Biz Blitz: How Donald Sterling will make NFL owners a lot wealthier

The Bottom Line: The eventual LA Clippers sale will bump the value of every NFL franchise.

It’s tough to set the value of pro sports because sales don’t happen every day. Comparable values of recent sales are how your real estate agent guesses the value of your property.

Forbes Magazine’s valuation of NBA franchises relative to their NFL counterparts provides a clue.

The average NFL franchise is worth 2.3 times the value of the average NBA team ($1.171 billion to $509 million). Forbes ranks Donald Sterling’s LA Clippers as the NBA’s 13th most valuable team at $575 million. Forbes ranks the Denver Broncos as the NFL’s 13th most valuable team at $1.161 billion. Both franchises are right around league average value.

A winning bid for the Clippers could range from $700 million to a cool $1 billion. If the NBA’s 13th most valuable franchise can sell in that range, the NFL’s 13th most valuable franchise should keep pace by floating up to $2.3 billion. Every other NFL team would step up in place.

NFL Commissioner Roger Goodell at the next owners’ meeting will made Donald Sterling’s 19th century ideas a case study of how not to create a labor conflict with your minority majority employees. NFL owners will be more interested in hearing how Sterling’s gaff, that gets worse with every interview, is increasing their net worth.

Pushing the value up and up

The harder Sterling fights to keep his ownership stake, the harder the NBA will work to find the price to incent him to go away before the Clippers negotiate new broadcasting agreements in 2015. The value of those agreements will swing up if Sterling is out of the picture, but be less if broadcasters must sell commercial time to sponsors squeamish about both of the Sterlings.

Ten celebrities expressed interest in bidding for the team. Take seriously the billionaire tech and real estate entrepreneurs who bring business moxie that could help the league grow. That is who team owners would find acceptable members of the club.

Oracle founder Larry Ellison and recording mogul David Geffen are known to be collaborating on a bid with Oprah Winfrey as a public face. Magic Johnson backed by the investment firm Guggenheim Partners is also a candidate to bid.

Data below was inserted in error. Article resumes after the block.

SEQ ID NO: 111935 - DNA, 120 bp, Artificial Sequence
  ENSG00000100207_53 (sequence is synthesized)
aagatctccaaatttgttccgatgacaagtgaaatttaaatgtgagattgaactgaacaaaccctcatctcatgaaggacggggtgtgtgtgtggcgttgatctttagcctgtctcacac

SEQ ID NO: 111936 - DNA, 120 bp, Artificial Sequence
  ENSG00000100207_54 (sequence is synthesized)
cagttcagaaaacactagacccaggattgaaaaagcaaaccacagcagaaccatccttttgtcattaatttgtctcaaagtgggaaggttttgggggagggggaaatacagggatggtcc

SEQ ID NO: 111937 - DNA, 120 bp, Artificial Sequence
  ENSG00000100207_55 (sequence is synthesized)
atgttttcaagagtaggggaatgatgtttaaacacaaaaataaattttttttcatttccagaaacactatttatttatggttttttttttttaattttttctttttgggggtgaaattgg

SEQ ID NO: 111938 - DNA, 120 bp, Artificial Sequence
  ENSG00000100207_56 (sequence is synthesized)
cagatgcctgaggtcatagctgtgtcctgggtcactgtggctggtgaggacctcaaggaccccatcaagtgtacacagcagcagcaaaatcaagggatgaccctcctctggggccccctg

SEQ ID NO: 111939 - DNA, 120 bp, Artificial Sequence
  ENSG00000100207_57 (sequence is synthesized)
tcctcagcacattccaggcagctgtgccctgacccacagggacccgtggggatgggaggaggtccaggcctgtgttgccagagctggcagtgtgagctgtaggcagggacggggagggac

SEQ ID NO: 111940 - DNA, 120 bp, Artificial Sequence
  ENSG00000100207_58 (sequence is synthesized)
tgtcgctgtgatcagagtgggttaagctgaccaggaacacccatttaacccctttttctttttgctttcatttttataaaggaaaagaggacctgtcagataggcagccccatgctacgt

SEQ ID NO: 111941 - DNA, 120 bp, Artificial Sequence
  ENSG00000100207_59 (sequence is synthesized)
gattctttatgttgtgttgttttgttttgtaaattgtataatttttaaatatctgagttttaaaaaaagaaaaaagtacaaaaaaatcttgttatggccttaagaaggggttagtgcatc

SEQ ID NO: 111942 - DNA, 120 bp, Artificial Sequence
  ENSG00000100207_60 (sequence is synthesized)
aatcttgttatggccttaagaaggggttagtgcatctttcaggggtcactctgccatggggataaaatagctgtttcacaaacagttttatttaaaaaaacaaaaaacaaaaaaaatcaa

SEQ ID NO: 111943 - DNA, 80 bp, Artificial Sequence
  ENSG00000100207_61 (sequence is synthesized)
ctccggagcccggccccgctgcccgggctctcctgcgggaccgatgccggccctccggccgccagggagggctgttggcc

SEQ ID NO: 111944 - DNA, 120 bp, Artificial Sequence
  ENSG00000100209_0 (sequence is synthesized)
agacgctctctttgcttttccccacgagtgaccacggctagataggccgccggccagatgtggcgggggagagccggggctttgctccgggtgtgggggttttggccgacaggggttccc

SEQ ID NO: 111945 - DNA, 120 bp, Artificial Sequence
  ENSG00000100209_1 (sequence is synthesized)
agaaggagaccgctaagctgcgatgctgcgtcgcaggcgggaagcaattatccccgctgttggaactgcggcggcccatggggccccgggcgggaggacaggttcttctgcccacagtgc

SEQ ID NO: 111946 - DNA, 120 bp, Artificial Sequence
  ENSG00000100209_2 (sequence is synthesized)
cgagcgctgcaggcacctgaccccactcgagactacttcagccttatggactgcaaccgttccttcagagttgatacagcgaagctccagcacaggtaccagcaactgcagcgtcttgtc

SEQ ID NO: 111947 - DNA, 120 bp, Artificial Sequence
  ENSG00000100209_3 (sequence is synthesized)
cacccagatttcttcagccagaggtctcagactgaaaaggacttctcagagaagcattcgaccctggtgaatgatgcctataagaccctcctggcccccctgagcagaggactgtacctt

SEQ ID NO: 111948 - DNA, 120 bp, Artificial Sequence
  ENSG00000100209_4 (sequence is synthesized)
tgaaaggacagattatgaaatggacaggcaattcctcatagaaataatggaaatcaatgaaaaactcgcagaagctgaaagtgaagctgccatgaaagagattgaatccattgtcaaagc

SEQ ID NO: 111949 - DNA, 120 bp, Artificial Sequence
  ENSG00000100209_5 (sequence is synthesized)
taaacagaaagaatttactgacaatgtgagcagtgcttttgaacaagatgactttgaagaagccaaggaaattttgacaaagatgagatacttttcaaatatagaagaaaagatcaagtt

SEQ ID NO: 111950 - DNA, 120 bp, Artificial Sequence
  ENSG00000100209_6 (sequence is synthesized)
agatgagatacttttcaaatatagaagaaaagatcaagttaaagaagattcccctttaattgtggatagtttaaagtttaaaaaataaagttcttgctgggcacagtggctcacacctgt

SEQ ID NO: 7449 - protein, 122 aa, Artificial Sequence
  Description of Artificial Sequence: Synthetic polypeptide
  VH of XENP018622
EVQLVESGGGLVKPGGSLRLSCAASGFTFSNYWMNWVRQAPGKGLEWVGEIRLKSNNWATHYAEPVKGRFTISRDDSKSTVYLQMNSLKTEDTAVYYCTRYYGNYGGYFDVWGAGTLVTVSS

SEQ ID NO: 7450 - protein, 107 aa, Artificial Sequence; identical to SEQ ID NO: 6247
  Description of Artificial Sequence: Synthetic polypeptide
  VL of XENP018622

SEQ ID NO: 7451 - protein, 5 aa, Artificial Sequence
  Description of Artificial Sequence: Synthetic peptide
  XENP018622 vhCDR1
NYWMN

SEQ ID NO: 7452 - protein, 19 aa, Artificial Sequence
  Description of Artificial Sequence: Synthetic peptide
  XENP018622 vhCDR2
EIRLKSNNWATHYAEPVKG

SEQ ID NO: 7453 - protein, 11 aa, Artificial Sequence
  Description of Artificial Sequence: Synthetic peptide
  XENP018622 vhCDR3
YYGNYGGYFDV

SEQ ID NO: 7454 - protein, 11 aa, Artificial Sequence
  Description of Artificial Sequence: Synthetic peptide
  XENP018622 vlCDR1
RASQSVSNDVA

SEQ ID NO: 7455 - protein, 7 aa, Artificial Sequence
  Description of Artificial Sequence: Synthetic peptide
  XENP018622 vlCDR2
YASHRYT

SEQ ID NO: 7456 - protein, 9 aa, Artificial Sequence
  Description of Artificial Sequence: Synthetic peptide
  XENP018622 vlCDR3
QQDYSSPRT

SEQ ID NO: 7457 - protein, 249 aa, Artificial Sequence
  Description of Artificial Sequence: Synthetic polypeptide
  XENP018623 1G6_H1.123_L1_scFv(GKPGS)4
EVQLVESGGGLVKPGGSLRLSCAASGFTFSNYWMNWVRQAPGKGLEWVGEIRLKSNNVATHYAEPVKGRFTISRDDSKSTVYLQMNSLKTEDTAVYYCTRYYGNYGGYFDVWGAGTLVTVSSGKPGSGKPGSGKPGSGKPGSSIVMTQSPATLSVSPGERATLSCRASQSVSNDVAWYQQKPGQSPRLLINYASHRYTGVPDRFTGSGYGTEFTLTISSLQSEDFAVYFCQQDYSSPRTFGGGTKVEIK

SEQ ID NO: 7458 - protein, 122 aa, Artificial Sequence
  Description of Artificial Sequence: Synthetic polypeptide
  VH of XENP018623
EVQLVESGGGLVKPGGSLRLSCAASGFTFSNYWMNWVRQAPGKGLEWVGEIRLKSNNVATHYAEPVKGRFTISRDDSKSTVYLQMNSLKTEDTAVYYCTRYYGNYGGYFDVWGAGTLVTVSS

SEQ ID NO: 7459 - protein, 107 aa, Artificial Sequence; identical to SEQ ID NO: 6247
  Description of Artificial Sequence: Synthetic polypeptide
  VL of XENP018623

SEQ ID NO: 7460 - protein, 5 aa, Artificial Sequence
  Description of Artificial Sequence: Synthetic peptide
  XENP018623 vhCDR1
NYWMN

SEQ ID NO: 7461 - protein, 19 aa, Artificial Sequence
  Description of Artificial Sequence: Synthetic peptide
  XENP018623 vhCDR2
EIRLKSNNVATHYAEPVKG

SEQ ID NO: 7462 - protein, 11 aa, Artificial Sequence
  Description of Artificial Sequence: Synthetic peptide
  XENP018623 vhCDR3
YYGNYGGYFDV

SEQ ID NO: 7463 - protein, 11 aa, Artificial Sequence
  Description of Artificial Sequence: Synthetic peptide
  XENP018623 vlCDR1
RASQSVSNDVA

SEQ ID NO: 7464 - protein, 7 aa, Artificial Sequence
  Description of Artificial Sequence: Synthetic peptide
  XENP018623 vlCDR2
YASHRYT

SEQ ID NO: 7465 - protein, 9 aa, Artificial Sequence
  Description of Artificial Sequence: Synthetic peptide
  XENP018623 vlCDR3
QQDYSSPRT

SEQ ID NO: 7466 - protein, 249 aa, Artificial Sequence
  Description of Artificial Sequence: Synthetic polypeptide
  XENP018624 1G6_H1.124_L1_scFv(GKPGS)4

Johnson has an outsized presence second only to Michael Jordan as a retired NBA star. He parlayed his basketball income to a far-flung business empire, including a four percent stake in the LA Lakers. Johnson and Stan Kasten bought MLB’s LA Dodgers in 2012 for $2 Billion.

Forbes upped its valuation of the Dallas Cowboys to $2.3 Billion after that sale.

The NBA sees poetic justice in a Johnson ownership. Johnson presumably would keep the Clippers in Los Angeles even with a less favorable lease at Staples Center.

Point after

Why does the NFL have a continuing interest in Europe? A Forbes story touting David Stern’s accomplishments as NBA commissioner contains the following nugget.

“One of the attractions to the NBA for new owners is the global nature and potential of the sport, which are much greater than with baseball and American football. More than half of the 42 million daily page views on originate from outside of North America.”

NBA China, jointly owned by all 30 NBA franchises, is a going concern valued at $1.7 billion. The NBA has more international players drawing more global interest than the NFL. The NBA’s social media engagement dwarfs both the NFL and MLB.

American football’s appeal is cultural. It is unique to an American audience and not easily exported beyond our shores. Lord knows the NFL has tried.

A new franchise in London won’t fix that. The NFL could take a page out of the NBA’s playbook and try to make American football an Olympic sport.

Photo credit:

Feb 13, 2013; Los Angeles, CA, USA; Los Angeles Clippers owner Donald Sterling and wife Rochelle Sterling (Shelly Sterling) react during the game against the Houston Rockets at the Staples Center. Mandatory Credit: Kirby Lee-USA TODAY Sports

About Anthony Brown

Lifelong Redskins fan and blogger about football and life since 2004. Joined MVN's Hog Heaven blog in 2005 and then moved Redskins Hog Heaven to Bolguin Network. Believes that the course of a season is pre-ordained by management decisions made during the offseason. Can occasionally be found on the This Given Sunday blog and he does guest posts.